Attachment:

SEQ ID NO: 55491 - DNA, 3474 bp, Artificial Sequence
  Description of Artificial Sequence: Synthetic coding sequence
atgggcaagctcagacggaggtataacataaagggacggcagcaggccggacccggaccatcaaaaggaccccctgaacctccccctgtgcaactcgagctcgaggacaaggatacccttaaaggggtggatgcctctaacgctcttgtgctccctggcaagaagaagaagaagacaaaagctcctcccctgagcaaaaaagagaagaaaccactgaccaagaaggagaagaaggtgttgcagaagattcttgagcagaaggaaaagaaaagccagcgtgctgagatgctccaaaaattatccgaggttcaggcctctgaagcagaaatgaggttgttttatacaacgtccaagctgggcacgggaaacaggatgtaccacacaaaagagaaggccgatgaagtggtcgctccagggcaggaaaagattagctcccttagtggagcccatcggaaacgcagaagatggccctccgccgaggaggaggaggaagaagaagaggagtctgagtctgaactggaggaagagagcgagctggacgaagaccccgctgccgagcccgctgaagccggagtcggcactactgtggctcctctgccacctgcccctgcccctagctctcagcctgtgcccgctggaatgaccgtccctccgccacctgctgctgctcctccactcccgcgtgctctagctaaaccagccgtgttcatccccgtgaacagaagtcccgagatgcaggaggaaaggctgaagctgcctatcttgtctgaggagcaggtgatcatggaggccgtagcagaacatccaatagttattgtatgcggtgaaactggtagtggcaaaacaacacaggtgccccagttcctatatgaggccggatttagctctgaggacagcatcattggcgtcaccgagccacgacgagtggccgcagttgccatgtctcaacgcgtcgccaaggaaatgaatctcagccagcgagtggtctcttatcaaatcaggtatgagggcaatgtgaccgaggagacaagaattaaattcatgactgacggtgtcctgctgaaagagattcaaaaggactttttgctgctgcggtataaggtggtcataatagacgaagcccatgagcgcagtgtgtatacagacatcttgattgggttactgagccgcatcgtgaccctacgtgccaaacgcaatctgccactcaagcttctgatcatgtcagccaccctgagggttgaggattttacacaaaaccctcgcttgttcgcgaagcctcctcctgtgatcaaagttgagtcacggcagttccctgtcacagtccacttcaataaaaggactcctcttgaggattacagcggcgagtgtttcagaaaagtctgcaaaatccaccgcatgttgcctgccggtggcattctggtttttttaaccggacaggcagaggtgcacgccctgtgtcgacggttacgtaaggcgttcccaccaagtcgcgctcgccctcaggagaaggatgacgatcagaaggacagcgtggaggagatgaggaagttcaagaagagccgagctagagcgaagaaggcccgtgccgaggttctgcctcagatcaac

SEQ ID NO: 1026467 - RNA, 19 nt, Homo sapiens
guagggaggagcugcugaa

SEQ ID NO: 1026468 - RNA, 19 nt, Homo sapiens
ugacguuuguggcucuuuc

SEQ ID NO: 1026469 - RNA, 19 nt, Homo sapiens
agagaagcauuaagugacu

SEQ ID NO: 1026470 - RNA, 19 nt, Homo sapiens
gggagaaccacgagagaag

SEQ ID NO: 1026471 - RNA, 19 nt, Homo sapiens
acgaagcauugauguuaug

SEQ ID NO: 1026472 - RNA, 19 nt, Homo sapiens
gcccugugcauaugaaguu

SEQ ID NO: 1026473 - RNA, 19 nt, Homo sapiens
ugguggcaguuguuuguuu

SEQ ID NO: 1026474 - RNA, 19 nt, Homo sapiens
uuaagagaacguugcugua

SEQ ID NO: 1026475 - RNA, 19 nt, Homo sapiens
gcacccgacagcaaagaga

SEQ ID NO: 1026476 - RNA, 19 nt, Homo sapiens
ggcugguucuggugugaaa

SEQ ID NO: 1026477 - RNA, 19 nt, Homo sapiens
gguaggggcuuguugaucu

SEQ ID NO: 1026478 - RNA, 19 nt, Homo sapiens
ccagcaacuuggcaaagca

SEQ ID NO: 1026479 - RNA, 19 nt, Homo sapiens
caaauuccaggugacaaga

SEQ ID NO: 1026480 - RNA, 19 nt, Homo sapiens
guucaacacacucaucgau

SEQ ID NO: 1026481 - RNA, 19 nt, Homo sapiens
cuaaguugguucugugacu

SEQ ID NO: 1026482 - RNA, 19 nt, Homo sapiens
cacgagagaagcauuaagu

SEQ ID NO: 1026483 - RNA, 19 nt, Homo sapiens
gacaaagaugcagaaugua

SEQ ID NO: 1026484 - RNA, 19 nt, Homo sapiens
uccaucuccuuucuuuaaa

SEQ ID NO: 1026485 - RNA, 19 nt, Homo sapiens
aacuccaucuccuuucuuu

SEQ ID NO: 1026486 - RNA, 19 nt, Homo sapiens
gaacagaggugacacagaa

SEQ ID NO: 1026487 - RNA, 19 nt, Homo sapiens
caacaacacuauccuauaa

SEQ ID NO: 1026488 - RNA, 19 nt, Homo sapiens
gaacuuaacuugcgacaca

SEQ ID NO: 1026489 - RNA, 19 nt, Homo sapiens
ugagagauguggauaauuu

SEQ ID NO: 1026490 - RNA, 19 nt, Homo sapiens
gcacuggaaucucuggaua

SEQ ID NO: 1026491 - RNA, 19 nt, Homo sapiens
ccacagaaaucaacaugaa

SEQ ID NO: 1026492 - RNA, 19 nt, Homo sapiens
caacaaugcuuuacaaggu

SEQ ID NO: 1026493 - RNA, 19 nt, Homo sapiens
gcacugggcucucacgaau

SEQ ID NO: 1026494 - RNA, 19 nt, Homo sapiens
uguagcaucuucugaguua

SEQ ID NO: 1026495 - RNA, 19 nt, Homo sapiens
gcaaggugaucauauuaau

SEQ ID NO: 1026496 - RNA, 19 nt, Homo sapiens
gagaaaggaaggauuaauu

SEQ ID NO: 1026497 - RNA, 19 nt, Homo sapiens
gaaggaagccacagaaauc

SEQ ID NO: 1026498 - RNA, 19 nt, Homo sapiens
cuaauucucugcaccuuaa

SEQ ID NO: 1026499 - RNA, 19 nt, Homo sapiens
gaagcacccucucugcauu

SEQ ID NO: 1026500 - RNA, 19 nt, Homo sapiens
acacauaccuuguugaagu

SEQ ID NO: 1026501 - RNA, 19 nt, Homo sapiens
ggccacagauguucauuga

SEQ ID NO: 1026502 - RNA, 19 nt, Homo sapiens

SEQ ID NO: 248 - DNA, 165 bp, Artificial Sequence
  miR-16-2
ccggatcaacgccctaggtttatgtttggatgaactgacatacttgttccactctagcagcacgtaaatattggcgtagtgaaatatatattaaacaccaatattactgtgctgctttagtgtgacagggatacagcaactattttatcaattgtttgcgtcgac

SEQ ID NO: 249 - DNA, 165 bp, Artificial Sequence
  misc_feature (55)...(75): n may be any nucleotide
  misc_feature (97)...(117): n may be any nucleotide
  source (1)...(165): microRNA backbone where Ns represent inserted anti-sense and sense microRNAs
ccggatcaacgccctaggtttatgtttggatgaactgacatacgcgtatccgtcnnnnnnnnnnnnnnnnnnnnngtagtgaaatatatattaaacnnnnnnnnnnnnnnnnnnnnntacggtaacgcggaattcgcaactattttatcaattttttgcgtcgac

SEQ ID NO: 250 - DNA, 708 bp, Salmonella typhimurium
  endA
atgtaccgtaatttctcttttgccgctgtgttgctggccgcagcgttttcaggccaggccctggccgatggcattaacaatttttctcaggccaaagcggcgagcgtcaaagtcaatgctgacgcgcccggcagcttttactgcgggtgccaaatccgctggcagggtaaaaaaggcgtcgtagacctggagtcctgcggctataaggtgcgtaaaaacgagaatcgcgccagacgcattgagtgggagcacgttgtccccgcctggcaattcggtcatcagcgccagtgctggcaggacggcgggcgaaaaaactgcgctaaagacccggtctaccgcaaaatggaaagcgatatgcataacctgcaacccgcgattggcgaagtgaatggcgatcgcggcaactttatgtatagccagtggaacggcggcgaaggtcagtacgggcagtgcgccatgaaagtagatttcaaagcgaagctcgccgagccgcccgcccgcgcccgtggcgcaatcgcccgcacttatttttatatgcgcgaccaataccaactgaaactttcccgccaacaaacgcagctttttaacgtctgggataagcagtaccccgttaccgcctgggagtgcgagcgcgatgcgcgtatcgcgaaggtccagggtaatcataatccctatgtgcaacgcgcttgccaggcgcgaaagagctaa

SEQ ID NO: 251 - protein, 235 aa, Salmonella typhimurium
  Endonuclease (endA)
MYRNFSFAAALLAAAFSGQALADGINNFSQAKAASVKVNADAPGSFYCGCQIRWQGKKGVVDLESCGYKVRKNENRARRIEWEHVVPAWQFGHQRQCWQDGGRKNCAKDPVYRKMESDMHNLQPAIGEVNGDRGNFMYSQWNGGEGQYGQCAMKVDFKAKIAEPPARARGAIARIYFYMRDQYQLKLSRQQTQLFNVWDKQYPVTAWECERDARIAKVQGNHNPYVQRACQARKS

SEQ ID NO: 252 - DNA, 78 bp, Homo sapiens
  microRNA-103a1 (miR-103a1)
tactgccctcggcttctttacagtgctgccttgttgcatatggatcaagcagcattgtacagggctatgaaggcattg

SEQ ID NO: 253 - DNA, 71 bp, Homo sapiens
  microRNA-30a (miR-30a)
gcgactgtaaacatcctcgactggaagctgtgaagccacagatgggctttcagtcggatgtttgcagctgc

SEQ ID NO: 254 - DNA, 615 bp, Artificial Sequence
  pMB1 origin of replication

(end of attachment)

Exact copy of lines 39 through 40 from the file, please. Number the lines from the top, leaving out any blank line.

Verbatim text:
uccaucuccuuucuuuaaa

SEQ ID NO: 1026485 - RNA, 19 nt, Homo sapiens